Stories produced by students in the Meek School of Journalism & New Media
Ila Powell has worked for Fairless Hardware in Tishomingo, Mississippi for more than ten years and says she sees a change in the customers buying plants, seeds and gardening supplies.
“There’s a lot of young people gardening this year,” Powell said. Powell attributes this to the economy and high prices at the grocery store.
Melissa Bates is someone who decided to try gardening for the first time.
“My reason for gardening is because of food prices and because I want to can and be able to stock up before winter and have good, nutritious food when hard times come,” says Bates.
So far, she’s enjoying it.
“I see it as a hobby and necessity. I enjoyed because we did it as a family project.”
Danny Owens, agriculture agent for the Tishomingo County Extension Office, says he has a theory about the growth in gardening.
“I believe there is some nostalgia involved—grandma used to grow this and it was so good. Now people want to get back to that and learn how grandma did it and how she preserved the food, and how she sewed and knitted and quilted, etc.”
According to Owens, the most popular garden item is tomatoes.
“They are easy to grow, easy to can and will be used throughout the winter for spaghetti, soup and chili.”
Veteran gardener, Josie Killough has been digging in the dirt for more than six years.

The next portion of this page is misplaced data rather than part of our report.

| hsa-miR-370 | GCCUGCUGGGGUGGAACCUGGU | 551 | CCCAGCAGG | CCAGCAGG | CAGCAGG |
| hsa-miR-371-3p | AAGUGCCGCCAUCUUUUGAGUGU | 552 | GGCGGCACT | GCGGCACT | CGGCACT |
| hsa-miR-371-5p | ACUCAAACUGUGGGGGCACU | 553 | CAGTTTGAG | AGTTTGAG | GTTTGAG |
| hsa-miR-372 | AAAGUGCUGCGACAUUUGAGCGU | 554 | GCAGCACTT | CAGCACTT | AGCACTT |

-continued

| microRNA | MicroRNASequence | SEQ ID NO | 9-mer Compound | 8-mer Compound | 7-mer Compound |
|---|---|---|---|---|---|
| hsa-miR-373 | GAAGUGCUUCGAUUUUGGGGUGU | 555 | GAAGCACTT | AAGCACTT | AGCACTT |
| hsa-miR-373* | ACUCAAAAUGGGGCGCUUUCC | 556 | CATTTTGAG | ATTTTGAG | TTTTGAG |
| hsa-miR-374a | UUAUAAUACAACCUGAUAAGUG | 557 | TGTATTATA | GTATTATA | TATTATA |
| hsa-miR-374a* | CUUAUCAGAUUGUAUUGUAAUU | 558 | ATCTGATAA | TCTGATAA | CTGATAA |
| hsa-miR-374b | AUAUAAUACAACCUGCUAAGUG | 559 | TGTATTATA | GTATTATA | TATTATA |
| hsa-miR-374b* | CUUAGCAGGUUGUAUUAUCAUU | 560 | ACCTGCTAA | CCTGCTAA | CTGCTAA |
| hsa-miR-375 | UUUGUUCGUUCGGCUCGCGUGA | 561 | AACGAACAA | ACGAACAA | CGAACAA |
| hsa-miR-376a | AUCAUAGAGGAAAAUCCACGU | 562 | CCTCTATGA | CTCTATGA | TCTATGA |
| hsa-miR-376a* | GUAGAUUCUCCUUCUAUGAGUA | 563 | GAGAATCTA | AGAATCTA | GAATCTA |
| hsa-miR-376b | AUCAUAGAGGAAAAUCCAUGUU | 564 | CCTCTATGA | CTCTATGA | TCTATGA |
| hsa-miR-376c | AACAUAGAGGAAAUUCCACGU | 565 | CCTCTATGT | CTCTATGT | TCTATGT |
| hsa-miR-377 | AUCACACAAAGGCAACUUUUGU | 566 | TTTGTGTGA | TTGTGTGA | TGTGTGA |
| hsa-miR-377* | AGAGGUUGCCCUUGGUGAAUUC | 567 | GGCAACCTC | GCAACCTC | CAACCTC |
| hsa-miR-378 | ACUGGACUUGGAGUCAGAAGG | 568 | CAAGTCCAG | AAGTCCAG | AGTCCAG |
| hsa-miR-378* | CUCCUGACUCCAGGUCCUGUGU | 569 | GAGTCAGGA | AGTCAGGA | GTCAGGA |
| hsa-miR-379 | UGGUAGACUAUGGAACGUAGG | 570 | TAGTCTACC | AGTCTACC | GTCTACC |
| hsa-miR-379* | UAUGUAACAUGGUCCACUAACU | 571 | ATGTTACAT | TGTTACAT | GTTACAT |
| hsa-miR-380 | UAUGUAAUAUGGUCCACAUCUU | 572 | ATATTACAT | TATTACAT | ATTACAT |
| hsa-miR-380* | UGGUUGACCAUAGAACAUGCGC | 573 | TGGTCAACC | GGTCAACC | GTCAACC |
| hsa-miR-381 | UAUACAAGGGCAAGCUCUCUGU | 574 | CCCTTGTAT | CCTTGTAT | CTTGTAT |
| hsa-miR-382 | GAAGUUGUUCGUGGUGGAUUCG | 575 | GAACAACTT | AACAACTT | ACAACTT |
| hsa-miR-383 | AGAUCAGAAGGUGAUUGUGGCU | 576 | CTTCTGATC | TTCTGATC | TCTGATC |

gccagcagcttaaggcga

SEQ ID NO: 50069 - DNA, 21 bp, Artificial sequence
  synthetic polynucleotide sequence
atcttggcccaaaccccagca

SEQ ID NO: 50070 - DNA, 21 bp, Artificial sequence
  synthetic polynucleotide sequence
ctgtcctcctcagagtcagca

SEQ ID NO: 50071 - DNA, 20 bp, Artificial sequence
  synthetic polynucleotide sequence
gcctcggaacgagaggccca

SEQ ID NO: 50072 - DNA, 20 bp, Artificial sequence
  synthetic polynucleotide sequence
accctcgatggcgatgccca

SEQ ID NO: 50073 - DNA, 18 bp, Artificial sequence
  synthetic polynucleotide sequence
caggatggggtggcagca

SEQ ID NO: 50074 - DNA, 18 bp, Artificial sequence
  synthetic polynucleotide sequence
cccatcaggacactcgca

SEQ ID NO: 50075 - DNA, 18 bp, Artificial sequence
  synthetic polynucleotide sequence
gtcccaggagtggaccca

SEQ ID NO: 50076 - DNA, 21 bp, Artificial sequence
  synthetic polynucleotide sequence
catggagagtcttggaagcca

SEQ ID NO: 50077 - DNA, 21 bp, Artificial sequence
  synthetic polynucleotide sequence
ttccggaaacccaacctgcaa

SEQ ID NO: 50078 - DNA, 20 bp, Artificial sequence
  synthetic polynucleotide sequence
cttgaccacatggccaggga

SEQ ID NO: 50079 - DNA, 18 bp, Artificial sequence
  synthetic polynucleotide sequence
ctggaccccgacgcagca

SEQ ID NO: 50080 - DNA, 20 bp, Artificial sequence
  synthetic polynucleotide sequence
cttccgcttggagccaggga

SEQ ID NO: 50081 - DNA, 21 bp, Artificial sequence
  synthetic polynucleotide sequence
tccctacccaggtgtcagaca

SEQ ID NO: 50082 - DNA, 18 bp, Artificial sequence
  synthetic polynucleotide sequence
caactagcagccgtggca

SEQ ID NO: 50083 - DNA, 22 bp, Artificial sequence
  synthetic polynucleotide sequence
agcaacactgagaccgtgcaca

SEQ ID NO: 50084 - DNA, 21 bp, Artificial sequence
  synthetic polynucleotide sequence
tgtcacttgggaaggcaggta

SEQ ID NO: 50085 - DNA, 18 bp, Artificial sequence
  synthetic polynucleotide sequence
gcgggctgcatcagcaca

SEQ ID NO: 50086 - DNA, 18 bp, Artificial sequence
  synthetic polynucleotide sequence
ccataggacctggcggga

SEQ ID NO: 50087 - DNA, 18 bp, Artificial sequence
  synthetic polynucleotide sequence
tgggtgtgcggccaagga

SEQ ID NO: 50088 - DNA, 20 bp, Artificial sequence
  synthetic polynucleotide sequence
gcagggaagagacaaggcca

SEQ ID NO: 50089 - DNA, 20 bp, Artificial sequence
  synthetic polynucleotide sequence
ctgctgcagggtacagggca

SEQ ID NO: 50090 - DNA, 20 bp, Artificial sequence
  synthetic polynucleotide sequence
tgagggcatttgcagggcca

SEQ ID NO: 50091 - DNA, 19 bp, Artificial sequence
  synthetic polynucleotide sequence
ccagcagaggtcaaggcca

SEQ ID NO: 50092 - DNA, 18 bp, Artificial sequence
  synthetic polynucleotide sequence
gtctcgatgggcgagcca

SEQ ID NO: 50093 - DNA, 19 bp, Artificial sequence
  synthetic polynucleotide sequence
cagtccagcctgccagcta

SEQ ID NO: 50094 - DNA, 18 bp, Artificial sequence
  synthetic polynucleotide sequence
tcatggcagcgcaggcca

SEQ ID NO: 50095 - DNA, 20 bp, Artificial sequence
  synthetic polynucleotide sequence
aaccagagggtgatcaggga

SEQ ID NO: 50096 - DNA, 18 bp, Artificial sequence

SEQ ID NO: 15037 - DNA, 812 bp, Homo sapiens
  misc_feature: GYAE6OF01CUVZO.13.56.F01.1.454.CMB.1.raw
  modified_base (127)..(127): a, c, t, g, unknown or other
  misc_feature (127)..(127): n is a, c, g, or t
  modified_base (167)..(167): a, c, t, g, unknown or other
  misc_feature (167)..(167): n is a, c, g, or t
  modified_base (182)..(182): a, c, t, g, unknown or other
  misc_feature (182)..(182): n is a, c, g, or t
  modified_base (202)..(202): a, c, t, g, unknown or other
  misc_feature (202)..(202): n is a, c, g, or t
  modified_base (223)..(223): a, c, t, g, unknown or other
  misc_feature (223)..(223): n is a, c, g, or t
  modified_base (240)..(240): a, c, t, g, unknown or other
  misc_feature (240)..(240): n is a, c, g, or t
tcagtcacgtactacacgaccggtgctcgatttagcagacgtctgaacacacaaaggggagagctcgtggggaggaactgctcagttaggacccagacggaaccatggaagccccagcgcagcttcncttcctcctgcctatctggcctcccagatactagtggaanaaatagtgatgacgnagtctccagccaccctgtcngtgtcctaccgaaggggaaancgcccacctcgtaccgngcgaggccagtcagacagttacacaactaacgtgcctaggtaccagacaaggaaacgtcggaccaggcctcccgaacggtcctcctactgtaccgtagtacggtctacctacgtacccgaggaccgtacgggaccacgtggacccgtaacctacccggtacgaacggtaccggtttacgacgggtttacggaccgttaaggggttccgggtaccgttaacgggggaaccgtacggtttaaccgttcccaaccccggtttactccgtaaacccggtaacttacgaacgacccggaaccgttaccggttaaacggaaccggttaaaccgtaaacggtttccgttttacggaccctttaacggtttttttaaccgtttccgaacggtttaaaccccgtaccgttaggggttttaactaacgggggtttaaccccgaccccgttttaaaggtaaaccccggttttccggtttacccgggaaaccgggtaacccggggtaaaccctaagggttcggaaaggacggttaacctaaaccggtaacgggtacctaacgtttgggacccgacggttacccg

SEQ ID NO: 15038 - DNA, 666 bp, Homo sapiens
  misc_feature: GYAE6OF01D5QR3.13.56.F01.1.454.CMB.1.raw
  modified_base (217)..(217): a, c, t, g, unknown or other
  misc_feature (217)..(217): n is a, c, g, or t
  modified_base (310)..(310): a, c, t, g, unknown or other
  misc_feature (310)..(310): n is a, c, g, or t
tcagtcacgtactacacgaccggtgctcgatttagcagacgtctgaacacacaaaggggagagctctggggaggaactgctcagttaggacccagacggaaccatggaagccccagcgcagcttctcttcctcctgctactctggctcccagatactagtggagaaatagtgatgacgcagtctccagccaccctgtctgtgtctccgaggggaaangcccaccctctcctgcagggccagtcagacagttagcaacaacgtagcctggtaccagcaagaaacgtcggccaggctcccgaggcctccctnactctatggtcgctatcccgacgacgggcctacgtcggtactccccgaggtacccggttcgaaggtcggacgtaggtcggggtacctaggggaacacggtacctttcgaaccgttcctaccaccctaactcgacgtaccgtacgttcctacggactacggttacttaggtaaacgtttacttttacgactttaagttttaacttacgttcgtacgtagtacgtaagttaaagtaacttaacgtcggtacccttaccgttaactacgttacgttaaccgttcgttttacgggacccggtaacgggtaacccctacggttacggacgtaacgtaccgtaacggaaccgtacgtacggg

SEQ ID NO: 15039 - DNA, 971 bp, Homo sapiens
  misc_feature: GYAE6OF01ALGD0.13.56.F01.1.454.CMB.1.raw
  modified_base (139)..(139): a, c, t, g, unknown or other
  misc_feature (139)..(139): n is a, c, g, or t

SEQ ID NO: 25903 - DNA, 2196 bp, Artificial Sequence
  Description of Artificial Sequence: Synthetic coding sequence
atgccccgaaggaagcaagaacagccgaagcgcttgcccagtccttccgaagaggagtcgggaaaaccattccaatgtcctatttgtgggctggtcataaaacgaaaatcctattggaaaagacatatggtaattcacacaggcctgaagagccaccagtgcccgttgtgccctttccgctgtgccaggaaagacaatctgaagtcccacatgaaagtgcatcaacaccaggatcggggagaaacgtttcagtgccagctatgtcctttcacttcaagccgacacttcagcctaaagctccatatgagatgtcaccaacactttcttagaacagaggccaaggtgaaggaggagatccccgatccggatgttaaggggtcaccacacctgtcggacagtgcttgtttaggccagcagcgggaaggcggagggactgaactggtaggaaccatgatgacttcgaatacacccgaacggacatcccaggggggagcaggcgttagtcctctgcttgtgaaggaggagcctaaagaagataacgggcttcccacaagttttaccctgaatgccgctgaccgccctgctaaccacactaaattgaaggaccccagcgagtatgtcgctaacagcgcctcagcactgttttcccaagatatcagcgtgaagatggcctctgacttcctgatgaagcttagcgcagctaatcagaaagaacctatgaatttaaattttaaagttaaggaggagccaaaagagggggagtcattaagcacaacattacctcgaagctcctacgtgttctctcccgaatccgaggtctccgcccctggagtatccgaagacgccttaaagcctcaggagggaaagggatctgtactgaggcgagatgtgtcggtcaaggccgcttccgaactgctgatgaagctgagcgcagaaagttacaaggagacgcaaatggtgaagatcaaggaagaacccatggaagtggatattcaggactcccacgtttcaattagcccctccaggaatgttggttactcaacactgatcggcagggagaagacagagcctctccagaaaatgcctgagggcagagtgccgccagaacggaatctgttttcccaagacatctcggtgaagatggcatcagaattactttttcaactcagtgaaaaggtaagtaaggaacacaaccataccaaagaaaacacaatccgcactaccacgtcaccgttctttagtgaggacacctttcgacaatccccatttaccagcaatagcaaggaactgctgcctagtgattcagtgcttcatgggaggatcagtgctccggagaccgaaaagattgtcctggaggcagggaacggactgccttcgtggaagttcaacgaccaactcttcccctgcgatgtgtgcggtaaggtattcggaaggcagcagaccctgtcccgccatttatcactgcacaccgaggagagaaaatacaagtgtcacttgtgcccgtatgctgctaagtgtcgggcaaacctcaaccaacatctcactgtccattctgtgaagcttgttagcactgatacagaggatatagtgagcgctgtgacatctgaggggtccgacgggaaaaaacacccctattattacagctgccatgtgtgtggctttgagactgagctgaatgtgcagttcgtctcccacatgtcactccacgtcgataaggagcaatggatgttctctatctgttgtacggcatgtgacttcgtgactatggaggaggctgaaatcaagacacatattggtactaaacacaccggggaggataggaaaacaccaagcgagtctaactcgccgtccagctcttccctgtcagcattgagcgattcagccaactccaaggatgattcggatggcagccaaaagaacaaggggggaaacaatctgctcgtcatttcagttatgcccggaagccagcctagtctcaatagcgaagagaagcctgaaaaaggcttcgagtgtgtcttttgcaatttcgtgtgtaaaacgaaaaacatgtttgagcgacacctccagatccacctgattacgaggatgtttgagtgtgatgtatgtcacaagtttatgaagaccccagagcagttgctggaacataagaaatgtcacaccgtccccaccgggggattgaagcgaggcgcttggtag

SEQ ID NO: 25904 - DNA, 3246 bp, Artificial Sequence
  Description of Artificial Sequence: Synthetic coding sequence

“My main crops are green beans, squash, okra, peppers and potatoes. Usually we plant 50 pounds of potatoes,” says Killough.
Beyond that Killough usually plants more than a dozen other fruits and vegetables, and she’s not done, yet.
“This year we are adding more, I always try new things each year, to see what will do good here. I mostly plant heirloom or open pollinated varieties.”
Patrick Poindexter is an agriculture agent for the extension office in Alcorn County. He’s seeing the same trends in his part of the state.
“As far as what people like to grow I believe that tomatoes are one of the most requested topics that I respond to during this time of the year. I have noticed an increase in home gardening requests during the past couple of years here in Alcorn County,” says Poindexter.
Both Poindexter and Owens recommend checking out the website for the Mississippi State Extension Service.
According to Poindexter, “There are extension offices in all 82 counties in the state of Mississippi, so beginning gardeners have a wealth of information that is available to them through each office.”
Owens also has something to say to new gardeners about the resources available.
“We have an active Master Gardeners group in the county, as do many counties in the state. People misunderstand the master gardener concept. They think it is designed for ‘super smart, know everything’ gardeners. It is truly for everyone from novice to expert who would like to expand their knowledge about gardening,” says Owens.
Powell says most people start their gardens the same way.
“Small gardeners get a little bit of everything they like to eat.”